The journey started with a pre-placement training in Salima at Mpatsa Lodge for the In-Country volunteers (ICVs). Among other things, the ICVs were taught about what ICS Progressio, how it works and what is expected from them. A successful three day training in Salima lead to a week's orientation in Lilongwe at Crescent Guest House, where the UK Volunteers’ journey started. We spent a week here forming friendships with our new arrivals. Luckily the barriers between us were broken down in less than a day with our first welcoming party, where the conversations flowed more than the Malawi gin (it helped that we all arrived on a weekend!)- leading swiftly to ONE LOVE!

Orientation began promptly at 8:30 Monday morning. For some it had been a long time since they had been in a classroom, but we all settled down with keen ears and open minds to develop an understanding of the traditional Malawian culture. From how to put on a chitenje correctly, to eating nsima and the common practices that take place in a Malawian community; this included funerals, weddings, conception of children (and the role of “hyenas”) childbirth, witch doctors and herbalists. Through learning these traditional practices it became clear that the gender divide is vastly more defined than that in the UK, where gender roles are no longer fixed. For example in Malawi men are grave diggers, whilst the women prepare the food to be eaten after the funeral.

Having learnt and heard a lot about the Malawian culture, everybody was eager to go into the community and experience it for themselves.. Arriving in Mulanje on a Friday gave a chance to scout around the community, breaking barriers between the UK Volunteers and host families before getting to work on Monday.

Come Monday,  everyone was full of energy and ready to roll- starting with introductory meetings with partner organizations, to introductions with youth clubs and visits to the special projects of the previous cycles.

With targets in mind for the end of the placement, ideas were flowing on  what and how to achieve these. Awareness campaigns with help from youth clubs and partner organizations were conducted in communities, schools and Markets. These covered Waste Management, Fire Management, HIV/AIDS and Ending Child Marriage. Training and peer education sessions were also conducted, from nursery and tree management to career guidance, CV writing, interview skills and proposal writing.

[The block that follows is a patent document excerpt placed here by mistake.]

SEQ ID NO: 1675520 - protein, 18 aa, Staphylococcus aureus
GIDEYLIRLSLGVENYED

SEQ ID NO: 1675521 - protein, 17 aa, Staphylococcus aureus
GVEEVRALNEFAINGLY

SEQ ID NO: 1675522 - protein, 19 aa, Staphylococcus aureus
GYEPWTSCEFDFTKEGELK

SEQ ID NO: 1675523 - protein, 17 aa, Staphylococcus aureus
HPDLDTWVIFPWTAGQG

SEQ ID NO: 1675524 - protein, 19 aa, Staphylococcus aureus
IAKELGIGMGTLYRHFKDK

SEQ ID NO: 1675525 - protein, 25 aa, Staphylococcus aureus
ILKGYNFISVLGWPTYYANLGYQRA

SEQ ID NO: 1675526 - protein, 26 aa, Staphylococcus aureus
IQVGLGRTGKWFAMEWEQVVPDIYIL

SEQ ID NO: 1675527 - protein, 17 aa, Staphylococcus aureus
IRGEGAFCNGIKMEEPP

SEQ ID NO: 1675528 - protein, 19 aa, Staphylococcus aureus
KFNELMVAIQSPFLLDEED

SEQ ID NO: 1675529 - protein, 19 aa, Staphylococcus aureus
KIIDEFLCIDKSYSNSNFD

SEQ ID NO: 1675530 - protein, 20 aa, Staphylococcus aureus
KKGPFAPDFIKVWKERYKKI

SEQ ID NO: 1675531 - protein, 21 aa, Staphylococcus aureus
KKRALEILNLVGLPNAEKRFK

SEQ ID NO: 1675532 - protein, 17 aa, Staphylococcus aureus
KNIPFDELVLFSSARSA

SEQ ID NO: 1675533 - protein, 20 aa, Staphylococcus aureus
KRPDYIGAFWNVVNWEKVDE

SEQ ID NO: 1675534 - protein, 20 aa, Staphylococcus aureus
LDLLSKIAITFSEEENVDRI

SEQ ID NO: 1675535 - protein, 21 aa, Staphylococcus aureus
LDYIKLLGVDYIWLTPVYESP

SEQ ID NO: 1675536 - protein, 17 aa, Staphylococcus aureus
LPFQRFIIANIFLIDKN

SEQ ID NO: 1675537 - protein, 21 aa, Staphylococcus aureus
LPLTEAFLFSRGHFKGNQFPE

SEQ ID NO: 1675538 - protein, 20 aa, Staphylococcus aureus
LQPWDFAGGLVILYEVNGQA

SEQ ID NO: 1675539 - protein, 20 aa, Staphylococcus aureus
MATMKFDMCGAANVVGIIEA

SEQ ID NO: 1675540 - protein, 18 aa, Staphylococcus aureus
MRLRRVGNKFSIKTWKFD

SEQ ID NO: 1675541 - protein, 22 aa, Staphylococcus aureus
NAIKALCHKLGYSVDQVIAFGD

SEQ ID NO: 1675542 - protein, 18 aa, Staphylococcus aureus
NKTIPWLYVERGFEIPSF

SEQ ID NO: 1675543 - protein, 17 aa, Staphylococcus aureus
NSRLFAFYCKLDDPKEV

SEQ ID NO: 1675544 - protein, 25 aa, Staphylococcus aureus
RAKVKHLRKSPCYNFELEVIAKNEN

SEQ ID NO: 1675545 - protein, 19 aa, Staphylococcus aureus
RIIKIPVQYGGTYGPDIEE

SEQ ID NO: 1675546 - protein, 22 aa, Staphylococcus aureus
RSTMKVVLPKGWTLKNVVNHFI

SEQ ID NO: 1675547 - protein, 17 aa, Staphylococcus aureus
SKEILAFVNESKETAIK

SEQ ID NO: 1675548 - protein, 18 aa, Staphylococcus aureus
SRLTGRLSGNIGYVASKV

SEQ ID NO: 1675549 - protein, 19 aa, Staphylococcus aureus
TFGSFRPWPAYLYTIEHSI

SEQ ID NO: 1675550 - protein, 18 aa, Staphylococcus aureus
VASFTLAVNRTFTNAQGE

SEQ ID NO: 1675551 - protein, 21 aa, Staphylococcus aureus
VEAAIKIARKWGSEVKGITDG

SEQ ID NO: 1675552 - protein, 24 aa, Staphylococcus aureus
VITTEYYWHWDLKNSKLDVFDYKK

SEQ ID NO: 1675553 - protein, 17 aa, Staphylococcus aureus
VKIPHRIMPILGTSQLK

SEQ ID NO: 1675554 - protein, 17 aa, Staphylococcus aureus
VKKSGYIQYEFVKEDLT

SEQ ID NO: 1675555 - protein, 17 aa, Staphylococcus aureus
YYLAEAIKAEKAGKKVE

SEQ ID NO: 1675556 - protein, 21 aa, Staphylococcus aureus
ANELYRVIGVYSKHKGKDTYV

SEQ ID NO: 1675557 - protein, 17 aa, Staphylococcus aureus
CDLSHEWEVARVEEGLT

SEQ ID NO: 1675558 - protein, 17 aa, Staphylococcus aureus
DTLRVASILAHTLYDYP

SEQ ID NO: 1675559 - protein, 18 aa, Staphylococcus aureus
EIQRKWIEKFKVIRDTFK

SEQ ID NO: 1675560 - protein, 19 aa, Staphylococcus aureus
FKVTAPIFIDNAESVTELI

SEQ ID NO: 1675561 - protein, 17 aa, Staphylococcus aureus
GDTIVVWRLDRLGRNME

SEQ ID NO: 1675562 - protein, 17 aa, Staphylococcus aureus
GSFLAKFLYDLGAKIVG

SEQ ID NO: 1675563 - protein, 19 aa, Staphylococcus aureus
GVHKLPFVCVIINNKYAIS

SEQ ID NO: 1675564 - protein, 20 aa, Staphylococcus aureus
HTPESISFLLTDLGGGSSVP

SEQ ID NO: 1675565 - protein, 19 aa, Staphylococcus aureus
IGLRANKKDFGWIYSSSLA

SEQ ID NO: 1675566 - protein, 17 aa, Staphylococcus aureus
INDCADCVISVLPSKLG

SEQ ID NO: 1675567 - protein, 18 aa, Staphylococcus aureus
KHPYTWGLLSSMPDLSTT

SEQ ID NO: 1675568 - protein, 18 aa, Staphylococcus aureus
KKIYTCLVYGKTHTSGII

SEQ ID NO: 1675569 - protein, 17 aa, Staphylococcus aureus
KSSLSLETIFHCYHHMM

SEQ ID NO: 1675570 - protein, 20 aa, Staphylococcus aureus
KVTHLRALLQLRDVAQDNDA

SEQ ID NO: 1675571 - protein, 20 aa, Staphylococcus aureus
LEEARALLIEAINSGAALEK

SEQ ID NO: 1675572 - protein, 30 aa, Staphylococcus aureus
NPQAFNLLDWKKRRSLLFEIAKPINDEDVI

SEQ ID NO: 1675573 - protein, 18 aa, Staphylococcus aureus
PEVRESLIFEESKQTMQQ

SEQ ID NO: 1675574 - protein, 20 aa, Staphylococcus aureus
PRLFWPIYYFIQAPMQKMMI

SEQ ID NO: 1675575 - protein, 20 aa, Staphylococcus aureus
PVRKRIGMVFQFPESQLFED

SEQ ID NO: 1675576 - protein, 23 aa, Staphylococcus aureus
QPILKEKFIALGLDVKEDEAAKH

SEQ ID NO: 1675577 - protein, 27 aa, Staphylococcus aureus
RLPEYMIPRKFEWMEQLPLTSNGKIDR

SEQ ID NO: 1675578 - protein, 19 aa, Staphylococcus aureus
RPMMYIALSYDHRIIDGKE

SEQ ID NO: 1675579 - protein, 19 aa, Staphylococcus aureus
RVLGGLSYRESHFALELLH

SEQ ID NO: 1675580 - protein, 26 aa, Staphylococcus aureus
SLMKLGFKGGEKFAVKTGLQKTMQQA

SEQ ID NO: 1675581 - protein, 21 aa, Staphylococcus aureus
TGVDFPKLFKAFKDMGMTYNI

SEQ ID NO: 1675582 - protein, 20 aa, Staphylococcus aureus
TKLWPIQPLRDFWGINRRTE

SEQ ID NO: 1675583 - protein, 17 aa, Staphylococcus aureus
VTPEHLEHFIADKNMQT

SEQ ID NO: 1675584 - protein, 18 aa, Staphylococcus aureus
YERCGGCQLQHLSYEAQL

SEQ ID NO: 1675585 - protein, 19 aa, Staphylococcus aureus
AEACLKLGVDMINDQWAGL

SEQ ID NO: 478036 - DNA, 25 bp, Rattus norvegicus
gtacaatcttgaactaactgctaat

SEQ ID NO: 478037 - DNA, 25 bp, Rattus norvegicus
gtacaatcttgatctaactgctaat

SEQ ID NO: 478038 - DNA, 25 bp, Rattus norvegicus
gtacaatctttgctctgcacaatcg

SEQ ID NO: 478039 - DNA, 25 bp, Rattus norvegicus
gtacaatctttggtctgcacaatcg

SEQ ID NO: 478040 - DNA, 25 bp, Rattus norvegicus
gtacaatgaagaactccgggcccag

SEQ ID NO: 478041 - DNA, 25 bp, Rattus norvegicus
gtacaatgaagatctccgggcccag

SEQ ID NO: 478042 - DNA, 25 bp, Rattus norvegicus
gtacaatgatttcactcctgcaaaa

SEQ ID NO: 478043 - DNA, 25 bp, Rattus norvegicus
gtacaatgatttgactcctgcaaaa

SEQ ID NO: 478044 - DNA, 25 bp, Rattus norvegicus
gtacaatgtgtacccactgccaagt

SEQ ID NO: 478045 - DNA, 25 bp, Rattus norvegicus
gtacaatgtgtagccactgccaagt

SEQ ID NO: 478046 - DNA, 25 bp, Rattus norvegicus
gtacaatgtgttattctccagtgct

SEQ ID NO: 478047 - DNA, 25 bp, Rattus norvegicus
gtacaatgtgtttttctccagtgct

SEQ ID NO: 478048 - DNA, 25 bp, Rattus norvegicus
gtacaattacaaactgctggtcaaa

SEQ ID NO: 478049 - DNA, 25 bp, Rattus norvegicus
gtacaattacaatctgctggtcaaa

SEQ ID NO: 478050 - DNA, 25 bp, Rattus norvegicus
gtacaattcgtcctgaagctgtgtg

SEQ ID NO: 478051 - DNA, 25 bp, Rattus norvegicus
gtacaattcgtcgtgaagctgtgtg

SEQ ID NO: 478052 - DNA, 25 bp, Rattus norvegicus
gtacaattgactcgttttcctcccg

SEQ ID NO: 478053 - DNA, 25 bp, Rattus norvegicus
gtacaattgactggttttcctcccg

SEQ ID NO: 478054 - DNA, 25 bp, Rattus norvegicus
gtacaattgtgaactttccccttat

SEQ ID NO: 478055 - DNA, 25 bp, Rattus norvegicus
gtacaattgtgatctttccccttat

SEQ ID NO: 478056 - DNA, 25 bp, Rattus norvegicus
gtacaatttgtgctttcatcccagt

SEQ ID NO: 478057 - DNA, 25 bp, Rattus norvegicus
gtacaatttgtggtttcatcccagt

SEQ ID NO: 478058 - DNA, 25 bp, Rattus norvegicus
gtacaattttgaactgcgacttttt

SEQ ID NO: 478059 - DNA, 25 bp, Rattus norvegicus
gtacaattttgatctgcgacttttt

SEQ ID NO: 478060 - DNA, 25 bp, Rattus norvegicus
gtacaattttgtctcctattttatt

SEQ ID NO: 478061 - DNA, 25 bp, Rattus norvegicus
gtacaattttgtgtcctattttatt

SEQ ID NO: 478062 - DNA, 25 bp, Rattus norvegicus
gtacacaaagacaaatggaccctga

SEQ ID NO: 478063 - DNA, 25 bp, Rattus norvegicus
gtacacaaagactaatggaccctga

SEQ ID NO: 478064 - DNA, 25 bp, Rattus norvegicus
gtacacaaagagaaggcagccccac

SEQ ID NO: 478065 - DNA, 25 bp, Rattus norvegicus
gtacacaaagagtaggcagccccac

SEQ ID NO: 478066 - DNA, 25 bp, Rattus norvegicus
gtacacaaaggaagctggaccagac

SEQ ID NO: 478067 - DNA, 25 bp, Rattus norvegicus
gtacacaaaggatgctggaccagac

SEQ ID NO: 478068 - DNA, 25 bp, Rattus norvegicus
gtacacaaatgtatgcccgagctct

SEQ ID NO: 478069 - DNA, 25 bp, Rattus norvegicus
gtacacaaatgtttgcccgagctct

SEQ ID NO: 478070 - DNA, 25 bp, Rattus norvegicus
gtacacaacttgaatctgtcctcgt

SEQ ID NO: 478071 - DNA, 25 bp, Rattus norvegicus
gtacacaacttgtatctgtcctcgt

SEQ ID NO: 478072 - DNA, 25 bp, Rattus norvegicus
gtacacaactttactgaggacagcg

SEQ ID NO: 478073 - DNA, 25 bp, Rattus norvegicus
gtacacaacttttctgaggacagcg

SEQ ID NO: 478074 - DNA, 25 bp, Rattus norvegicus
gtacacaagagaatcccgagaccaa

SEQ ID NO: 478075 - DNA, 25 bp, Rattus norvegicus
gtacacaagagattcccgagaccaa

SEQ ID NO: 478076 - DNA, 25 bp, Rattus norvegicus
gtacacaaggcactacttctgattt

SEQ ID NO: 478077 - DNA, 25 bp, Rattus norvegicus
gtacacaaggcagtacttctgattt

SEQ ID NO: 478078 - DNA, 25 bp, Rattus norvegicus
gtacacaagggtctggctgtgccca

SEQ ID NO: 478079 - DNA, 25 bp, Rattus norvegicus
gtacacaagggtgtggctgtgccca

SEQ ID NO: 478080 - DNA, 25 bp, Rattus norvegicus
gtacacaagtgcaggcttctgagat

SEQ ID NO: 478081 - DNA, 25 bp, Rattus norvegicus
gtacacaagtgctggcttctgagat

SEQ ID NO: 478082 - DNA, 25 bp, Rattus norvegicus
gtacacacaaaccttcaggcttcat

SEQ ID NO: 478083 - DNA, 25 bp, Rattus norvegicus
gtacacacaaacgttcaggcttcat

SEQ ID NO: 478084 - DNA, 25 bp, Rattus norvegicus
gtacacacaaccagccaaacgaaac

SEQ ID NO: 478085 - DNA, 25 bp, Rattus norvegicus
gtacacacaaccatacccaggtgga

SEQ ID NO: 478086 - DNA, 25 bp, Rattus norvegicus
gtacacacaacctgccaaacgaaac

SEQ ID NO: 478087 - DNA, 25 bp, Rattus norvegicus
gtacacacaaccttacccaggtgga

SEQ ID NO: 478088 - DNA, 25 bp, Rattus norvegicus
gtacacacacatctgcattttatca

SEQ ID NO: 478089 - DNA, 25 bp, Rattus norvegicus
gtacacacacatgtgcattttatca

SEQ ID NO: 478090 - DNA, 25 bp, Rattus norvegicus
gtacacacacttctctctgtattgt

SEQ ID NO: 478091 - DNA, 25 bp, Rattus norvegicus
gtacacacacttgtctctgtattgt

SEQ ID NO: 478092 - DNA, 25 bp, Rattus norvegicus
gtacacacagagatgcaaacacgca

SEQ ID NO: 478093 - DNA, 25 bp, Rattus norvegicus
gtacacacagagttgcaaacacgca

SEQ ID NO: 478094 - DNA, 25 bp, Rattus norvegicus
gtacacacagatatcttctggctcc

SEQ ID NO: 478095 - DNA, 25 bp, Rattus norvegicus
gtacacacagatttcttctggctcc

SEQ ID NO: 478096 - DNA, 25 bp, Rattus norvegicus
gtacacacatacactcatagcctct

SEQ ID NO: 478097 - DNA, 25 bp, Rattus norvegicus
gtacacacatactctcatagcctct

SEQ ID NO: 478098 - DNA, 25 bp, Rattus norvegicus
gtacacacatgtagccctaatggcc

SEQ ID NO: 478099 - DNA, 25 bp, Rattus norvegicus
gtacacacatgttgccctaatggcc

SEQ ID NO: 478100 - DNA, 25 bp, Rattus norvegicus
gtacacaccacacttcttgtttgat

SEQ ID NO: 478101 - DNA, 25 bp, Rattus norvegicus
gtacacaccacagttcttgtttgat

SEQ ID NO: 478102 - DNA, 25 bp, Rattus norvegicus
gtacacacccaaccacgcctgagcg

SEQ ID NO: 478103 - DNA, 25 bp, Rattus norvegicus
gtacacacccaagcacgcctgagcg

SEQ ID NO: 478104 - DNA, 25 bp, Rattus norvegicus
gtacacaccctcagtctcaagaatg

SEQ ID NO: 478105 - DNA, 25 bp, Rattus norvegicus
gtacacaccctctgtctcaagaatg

The team at the top of Boma path, overlooking Mulanje

Alongside the COWLHA Chikhwawa Team, we hiked up Mulanje mountain to Lichenya hut using the Nnesa path- a simple but long trail, spending the night at the beautiful Lichenya Hut. We came down the following morning using the Boma path which is one of the shortest but hardest paths!

From Mulanje Mountain to Liwonde National Park, who can forget the African Elephants, who was not interested in seeing the crocodiles in the Shire River, the hippos, the waterbucks?

Liwonde National Park

How can we forget the pit digging and the stone collection for the dyke construction at Chanasa? Energy-sapping and exhausting, but fun and worth it. At the hearth of it all, always a small difference made.

Stone collection for Chanasa dyke

Pit digging at Chumani School

Come Saturday 6th December 2014 we had hit the target, finalizing everything with waste management awareness at Providence Girls Secondary School, coupled to an amazing sports day, bringing four Mulanje secondary schools together.

Besides the job well done, we are leaving Mulanje with a lot of treasured memories.

Team Sapitwa

Written by: Charlotte, Gemma and Taonga

Photo credit: George Magner, Pemphero Pirri, Jimmy Maloya